Oh NHS, thou art sickBMJ 2002; 324 doi: https://doi.org/10.1136/bmj.324.7330.127 (Published 19 January 2002) Cite this as: BMJ 2002;324:127
The NHS's main problem may be overpoliticisation
- Richard Smith, editor
Papers p 135
It seems to be universally agreed that the NHS is sick. It is plagued by delay, low quality care, and poor outcomes.1 The chancellor of the exchequer has called for a great debate on the service,2 which must include exploring the causes of the sickness and possible treatments. Ideally the debate will be informed by evidence, and the BMJ today publishes a study that is an important contribution (p 135).3 It is a broad brush comparison between the NHS and Kaiser Permanente, a health maintenance organisation that cares for some 6.1 million Californians. The study finds that the two systems have similar resources but that Kaiser performs substantially better. In particular, patients from Kaiser have faster access to both primary and secondary care doctors. In other words, the widely held idea that the NHS—albeit cheap—is remarkably efficient may be wrong.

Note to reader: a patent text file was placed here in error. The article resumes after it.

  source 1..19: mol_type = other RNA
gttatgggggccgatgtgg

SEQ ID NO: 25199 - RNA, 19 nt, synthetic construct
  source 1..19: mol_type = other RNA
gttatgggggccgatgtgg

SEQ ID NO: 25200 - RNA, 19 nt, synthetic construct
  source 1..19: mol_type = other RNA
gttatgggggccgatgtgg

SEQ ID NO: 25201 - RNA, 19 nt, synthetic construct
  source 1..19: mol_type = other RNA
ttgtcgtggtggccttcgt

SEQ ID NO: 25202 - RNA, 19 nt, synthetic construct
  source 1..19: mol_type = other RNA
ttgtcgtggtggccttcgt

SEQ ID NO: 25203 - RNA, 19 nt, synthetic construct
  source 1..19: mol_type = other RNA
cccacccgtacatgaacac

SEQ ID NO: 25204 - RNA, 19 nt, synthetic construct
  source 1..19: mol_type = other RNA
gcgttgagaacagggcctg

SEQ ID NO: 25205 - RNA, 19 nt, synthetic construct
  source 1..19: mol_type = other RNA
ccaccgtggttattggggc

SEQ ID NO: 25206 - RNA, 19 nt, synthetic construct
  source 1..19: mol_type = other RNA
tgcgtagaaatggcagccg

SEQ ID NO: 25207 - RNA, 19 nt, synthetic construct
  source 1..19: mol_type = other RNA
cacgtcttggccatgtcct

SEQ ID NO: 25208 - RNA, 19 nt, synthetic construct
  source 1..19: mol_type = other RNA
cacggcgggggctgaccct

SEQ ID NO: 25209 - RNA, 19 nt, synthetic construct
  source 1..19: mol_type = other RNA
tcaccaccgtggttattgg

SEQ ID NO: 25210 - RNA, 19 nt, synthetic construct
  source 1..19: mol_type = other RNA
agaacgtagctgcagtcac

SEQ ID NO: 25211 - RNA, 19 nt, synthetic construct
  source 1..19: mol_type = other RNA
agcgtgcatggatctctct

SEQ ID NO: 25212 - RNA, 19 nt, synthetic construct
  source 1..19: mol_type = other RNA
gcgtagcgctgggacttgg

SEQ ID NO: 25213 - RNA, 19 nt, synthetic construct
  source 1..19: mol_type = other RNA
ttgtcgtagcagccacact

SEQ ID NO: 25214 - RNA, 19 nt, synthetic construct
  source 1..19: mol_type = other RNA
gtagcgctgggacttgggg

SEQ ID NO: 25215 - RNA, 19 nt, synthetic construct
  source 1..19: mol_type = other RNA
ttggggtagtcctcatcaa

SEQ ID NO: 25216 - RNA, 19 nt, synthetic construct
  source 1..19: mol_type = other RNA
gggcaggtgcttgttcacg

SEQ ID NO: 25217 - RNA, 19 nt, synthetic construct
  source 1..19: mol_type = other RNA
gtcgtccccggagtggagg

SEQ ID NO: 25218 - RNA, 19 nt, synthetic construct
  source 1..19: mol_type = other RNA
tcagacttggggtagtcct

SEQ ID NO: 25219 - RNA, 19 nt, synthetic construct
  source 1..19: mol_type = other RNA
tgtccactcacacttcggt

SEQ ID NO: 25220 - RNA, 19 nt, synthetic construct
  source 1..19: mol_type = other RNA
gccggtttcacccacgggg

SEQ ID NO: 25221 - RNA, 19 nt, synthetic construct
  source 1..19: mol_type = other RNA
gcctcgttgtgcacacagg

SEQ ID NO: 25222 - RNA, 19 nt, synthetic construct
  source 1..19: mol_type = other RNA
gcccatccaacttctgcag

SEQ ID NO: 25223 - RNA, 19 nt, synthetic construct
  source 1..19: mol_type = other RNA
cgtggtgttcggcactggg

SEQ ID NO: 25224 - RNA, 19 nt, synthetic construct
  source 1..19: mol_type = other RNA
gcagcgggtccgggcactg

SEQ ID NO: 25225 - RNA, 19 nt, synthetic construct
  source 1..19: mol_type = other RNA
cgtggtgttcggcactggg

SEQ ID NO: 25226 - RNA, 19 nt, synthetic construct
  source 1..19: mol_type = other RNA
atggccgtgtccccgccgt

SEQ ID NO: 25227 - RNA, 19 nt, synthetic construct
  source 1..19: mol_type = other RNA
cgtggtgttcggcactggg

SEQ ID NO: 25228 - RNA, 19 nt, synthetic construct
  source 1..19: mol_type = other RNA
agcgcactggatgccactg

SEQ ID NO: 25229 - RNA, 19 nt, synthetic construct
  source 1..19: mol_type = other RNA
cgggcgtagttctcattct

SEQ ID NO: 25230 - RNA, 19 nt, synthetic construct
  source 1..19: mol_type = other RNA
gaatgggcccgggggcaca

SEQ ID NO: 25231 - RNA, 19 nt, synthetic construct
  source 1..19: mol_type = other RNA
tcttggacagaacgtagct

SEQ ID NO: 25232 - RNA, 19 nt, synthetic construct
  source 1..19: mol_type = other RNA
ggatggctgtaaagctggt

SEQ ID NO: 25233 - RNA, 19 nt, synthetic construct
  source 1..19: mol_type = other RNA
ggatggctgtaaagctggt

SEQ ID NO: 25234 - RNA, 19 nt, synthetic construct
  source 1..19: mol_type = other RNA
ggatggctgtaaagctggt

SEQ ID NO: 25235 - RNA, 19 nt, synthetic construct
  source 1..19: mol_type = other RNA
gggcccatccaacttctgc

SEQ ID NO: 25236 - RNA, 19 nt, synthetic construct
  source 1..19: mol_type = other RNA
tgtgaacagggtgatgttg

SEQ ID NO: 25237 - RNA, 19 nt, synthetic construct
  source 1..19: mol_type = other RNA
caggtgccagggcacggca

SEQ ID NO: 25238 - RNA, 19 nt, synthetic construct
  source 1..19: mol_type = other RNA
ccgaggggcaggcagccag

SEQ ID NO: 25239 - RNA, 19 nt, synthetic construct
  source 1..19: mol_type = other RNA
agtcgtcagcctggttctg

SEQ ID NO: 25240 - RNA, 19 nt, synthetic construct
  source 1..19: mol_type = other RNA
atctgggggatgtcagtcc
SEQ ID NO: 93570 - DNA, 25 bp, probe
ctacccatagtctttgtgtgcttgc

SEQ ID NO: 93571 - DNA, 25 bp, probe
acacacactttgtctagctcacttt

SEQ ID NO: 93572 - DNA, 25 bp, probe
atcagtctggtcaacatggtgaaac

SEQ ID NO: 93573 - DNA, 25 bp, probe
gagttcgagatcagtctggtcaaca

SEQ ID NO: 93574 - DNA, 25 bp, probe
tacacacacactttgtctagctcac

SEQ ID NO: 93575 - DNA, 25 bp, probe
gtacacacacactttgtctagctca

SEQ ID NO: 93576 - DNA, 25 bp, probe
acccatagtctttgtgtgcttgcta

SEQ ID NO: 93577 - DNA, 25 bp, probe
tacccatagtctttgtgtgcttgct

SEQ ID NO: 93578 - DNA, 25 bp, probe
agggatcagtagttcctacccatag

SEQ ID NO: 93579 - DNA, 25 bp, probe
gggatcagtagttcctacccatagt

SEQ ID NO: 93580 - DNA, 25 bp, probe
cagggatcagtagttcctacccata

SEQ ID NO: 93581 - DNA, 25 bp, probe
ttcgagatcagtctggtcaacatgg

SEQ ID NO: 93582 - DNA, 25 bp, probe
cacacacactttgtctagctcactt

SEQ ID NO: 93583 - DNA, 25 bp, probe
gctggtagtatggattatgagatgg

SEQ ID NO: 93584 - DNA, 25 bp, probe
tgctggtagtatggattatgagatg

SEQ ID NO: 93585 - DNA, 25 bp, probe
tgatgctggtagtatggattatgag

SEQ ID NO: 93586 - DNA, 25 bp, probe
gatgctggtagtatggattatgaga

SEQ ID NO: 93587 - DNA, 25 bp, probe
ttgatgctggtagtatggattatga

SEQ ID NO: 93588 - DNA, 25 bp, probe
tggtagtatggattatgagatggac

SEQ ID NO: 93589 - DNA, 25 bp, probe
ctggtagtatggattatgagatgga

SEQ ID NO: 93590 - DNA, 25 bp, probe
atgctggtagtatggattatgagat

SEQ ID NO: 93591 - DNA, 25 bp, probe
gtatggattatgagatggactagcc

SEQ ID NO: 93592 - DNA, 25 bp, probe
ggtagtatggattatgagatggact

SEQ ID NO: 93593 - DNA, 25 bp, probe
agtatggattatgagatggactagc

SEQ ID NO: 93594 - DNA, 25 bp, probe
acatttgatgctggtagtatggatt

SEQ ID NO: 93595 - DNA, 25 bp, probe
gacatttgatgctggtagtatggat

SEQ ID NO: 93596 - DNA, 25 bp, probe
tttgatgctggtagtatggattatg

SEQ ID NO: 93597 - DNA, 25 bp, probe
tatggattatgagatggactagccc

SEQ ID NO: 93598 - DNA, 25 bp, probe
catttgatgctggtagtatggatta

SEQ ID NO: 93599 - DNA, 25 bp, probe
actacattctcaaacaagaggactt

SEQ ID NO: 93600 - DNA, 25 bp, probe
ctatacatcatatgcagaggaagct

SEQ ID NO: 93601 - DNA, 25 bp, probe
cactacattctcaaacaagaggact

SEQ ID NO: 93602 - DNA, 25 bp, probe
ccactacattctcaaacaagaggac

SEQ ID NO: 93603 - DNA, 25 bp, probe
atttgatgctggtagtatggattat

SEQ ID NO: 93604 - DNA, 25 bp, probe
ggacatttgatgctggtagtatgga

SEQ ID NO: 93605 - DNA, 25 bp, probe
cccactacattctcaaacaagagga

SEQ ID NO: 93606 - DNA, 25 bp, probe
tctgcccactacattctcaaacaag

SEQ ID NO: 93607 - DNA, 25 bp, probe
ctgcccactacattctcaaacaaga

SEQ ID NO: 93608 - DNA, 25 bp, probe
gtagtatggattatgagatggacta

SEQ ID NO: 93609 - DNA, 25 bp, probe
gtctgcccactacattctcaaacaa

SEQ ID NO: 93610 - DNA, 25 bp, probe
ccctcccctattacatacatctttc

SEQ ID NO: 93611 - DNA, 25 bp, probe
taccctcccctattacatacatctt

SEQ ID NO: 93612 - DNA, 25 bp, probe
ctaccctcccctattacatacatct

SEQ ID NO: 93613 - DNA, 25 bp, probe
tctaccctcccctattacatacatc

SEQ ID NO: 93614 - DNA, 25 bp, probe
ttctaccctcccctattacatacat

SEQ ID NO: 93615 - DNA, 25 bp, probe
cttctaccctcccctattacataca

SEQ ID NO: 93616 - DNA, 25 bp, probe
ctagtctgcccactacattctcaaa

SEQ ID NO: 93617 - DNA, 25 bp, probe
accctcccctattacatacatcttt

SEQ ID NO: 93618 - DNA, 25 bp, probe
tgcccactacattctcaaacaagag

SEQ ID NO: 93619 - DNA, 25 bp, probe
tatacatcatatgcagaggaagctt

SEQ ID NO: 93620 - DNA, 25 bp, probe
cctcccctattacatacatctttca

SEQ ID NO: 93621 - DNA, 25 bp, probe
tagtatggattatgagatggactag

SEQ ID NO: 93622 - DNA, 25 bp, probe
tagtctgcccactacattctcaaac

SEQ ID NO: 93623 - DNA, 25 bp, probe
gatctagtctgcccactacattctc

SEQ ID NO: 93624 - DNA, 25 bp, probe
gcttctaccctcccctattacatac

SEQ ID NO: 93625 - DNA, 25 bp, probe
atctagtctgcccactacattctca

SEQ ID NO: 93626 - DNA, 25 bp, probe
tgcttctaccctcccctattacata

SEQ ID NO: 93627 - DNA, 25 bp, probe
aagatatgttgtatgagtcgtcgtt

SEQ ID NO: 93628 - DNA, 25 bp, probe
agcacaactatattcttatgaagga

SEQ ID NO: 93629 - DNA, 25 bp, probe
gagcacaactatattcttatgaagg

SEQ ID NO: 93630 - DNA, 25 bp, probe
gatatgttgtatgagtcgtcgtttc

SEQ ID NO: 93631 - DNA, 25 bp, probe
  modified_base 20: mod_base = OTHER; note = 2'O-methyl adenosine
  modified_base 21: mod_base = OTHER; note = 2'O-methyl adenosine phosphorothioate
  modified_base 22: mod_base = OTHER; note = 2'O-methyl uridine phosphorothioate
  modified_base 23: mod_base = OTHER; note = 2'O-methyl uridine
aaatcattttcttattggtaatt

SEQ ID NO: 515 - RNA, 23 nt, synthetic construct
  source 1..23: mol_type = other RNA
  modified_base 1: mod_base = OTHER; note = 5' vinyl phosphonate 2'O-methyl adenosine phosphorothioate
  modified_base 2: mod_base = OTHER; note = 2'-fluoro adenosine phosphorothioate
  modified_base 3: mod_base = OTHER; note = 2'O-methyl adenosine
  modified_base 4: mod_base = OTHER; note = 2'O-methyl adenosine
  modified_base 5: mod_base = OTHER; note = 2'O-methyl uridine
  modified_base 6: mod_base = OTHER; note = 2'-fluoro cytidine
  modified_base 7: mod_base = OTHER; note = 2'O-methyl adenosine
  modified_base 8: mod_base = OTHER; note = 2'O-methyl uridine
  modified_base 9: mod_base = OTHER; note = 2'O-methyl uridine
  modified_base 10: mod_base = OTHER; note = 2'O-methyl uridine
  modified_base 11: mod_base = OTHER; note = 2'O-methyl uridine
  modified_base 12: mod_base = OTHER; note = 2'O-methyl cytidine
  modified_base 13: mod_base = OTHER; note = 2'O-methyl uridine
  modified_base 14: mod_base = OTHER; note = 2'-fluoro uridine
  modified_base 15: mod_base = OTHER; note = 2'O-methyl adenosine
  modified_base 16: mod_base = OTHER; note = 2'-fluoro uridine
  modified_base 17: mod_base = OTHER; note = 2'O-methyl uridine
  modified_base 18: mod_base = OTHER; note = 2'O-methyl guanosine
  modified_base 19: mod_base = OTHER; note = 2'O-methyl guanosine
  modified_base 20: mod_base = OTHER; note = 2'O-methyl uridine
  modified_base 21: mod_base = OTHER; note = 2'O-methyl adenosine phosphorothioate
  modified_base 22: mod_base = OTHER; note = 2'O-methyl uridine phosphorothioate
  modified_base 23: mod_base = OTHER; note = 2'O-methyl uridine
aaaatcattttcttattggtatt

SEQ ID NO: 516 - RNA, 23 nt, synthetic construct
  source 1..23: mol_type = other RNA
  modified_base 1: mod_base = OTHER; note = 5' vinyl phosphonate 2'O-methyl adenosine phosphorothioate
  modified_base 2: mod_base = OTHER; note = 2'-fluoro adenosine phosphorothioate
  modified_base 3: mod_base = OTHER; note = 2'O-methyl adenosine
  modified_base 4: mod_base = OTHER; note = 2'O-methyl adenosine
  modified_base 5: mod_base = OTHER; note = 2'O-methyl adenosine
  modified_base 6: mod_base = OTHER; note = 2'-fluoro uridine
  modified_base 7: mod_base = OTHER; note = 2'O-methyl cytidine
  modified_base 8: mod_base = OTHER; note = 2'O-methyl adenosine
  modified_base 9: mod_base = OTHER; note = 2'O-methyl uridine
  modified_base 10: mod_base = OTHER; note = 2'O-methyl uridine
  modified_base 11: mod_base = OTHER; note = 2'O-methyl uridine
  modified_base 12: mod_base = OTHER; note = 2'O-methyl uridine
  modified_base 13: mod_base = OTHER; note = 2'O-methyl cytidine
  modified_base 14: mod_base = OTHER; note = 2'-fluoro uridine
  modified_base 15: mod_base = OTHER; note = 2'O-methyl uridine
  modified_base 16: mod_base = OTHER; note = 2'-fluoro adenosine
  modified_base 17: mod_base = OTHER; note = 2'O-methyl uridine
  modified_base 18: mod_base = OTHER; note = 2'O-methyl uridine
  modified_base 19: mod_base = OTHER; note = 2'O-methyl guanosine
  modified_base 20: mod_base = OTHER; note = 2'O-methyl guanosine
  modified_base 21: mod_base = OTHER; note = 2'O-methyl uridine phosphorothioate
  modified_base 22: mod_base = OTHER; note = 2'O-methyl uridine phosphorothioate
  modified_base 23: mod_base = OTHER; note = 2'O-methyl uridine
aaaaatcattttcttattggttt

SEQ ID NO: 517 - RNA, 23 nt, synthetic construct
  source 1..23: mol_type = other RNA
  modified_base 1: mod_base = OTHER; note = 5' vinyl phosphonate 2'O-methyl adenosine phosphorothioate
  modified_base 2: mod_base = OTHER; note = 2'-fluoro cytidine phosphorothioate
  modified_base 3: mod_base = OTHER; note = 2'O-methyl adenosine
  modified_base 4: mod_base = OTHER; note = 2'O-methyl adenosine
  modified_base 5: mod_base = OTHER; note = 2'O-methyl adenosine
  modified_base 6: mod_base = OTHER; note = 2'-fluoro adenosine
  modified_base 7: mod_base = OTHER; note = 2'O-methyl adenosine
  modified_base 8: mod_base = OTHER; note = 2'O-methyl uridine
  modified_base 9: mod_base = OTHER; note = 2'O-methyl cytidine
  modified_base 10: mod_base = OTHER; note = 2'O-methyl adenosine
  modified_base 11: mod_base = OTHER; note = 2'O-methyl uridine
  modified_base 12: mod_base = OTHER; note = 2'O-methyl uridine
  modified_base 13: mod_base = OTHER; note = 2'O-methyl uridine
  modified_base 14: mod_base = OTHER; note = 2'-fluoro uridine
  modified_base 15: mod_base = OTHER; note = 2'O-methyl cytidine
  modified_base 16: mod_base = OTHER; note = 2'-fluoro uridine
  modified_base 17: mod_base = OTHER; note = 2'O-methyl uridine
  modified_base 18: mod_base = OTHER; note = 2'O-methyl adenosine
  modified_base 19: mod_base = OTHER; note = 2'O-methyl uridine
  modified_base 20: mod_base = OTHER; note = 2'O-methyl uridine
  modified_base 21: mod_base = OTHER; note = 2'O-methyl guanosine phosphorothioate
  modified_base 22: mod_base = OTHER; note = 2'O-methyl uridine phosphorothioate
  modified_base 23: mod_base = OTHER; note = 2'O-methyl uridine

Comparisons between systems are always difficult, and readers will rightly be sceptical, not least because they challenge a belief that is widely and deeply held in Britain. Our reviewers and editorial team started from that position but concluded that the results could not be explained by artefacts in the study or differences …